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contracts that continue through September 30, 2011. A small number of contracts terminate or contain off-ramps as of September 30, 2006. For this estimate, BPA assumes public utility sales to Block and Slice/Block customers will equal their current contractual amounts, including step-ups in 2007, and that BPA will continue to serve those loads during the FY 20072011 period. There are no sales to the DSIs and no deliveries of power to the IOUs assumed during the FY 20072011 period because contracts currently do not call for deliveries to any of these customers. In fact, recently signed agreements with the IOUs explicitly state that there will not be any power sales for FY 20072011. The forecast of available generating and contract resources includes the output of Federally-owned hydro generation, non-Federally-owned resources (hydro, thermal, and wind projects), exchange energy associated with BPAs existing capacity-for-energy exchanges, power purchases, and other BPA hydro-related contracts. Firm hydro resources are based on 1937 critical water conditions under the 2000 Biological Opinion that was implemented December 20, 2000, and incorporates changes associated in hydro regulation 03SN67a and up to 172 aMW of hydro improvements by FY 2012. The thermal firm resource is Columbia Generating Station. Examples of non-Federally owned resources include the Foote Creek 1, 2, and 4, Stateline, Condon, and Klondike Phase 1 wind projects; Ashland solar; Wauna cogeneration and Cowlitz Falls and Dworshak hydro. To calculate the BPA load resource balance, BPA compares Federal system firm energy loads with Federal system energy outputs for each month of the study period years. The results of this comparison yield the monthly and annual firm energy surplus or deficit of the Federal system.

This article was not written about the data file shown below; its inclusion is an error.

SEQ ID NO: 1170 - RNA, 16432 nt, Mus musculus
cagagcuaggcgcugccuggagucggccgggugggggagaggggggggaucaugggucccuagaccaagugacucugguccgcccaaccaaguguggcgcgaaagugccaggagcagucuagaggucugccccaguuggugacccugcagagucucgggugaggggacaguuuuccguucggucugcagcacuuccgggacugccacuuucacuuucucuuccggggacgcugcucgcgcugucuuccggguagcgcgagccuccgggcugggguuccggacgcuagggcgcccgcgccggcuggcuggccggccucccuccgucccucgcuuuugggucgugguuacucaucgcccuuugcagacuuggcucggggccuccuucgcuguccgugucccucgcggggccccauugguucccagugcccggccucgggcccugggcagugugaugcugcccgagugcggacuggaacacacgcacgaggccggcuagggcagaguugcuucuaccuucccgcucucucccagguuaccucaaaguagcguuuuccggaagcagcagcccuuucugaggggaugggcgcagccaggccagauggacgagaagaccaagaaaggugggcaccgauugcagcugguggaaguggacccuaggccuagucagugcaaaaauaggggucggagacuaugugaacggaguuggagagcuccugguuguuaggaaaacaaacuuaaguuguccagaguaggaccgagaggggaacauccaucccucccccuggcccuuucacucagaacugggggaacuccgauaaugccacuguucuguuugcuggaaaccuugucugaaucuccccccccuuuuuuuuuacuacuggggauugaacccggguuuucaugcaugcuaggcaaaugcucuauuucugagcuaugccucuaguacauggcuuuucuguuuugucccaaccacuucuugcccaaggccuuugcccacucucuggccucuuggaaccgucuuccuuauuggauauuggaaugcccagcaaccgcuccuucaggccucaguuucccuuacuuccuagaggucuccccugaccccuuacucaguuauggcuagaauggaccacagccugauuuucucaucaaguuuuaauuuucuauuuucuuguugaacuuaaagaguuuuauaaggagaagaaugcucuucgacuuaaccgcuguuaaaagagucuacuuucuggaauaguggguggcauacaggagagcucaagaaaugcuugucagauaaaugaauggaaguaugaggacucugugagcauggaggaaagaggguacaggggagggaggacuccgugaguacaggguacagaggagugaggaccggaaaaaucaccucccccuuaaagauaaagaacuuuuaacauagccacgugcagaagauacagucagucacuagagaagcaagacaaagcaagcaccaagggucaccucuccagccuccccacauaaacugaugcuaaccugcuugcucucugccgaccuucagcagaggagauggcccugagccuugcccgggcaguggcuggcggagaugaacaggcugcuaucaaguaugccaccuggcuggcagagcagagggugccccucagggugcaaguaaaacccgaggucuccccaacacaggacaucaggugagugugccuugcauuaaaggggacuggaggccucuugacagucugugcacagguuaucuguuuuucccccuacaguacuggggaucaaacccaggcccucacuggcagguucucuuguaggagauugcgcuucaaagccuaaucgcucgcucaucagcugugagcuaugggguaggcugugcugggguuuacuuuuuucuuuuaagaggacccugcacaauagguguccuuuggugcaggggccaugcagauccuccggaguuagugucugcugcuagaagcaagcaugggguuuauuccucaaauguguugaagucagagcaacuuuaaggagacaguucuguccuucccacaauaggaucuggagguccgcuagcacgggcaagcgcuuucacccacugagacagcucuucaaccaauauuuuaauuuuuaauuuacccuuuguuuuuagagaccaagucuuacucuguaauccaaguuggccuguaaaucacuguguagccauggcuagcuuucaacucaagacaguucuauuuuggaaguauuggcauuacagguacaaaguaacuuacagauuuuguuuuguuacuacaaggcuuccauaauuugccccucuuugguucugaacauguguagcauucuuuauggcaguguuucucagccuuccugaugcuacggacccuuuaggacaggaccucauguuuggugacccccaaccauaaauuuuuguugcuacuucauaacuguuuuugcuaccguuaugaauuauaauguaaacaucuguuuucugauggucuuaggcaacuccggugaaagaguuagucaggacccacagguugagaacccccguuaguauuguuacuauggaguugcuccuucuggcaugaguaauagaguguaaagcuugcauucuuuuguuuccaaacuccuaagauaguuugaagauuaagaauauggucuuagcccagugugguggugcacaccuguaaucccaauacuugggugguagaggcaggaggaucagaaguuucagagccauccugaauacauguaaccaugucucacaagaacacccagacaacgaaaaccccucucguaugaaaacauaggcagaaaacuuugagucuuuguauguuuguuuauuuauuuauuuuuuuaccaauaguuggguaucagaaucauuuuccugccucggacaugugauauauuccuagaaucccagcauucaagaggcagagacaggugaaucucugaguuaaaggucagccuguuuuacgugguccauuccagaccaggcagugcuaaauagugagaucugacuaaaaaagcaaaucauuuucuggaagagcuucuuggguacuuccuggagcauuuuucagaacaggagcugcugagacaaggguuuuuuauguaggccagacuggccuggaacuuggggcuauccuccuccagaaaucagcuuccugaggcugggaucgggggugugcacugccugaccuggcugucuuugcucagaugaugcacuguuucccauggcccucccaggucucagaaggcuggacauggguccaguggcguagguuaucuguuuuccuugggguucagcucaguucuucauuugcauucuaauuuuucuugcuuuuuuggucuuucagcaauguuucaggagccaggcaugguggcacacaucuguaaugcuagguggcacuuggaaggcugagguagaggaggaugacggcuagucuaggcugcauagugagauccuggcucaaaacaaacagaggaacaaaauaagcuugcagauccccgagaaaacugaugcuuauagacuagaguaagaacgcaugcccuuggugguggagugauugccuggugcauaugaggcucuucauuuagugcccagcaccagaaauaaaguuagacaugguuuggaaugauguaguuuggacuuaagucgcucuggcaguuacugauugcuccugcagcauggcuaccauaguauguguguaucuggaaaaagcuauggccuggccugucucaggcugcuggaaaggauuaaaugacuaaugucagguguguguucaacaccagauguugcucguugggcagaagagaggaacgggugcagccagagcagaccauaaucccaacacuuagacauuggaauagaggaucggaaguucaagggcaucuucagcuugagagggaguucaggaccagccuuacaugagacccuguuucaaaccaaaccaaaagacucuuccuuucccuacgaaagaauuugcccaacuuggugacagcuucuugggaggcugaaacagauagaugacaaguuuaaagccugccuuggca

VI. An Integrated Strategy for FY 20072011
A. FY 20072011 Rights to LowestCost Priority Firm (PF) Rate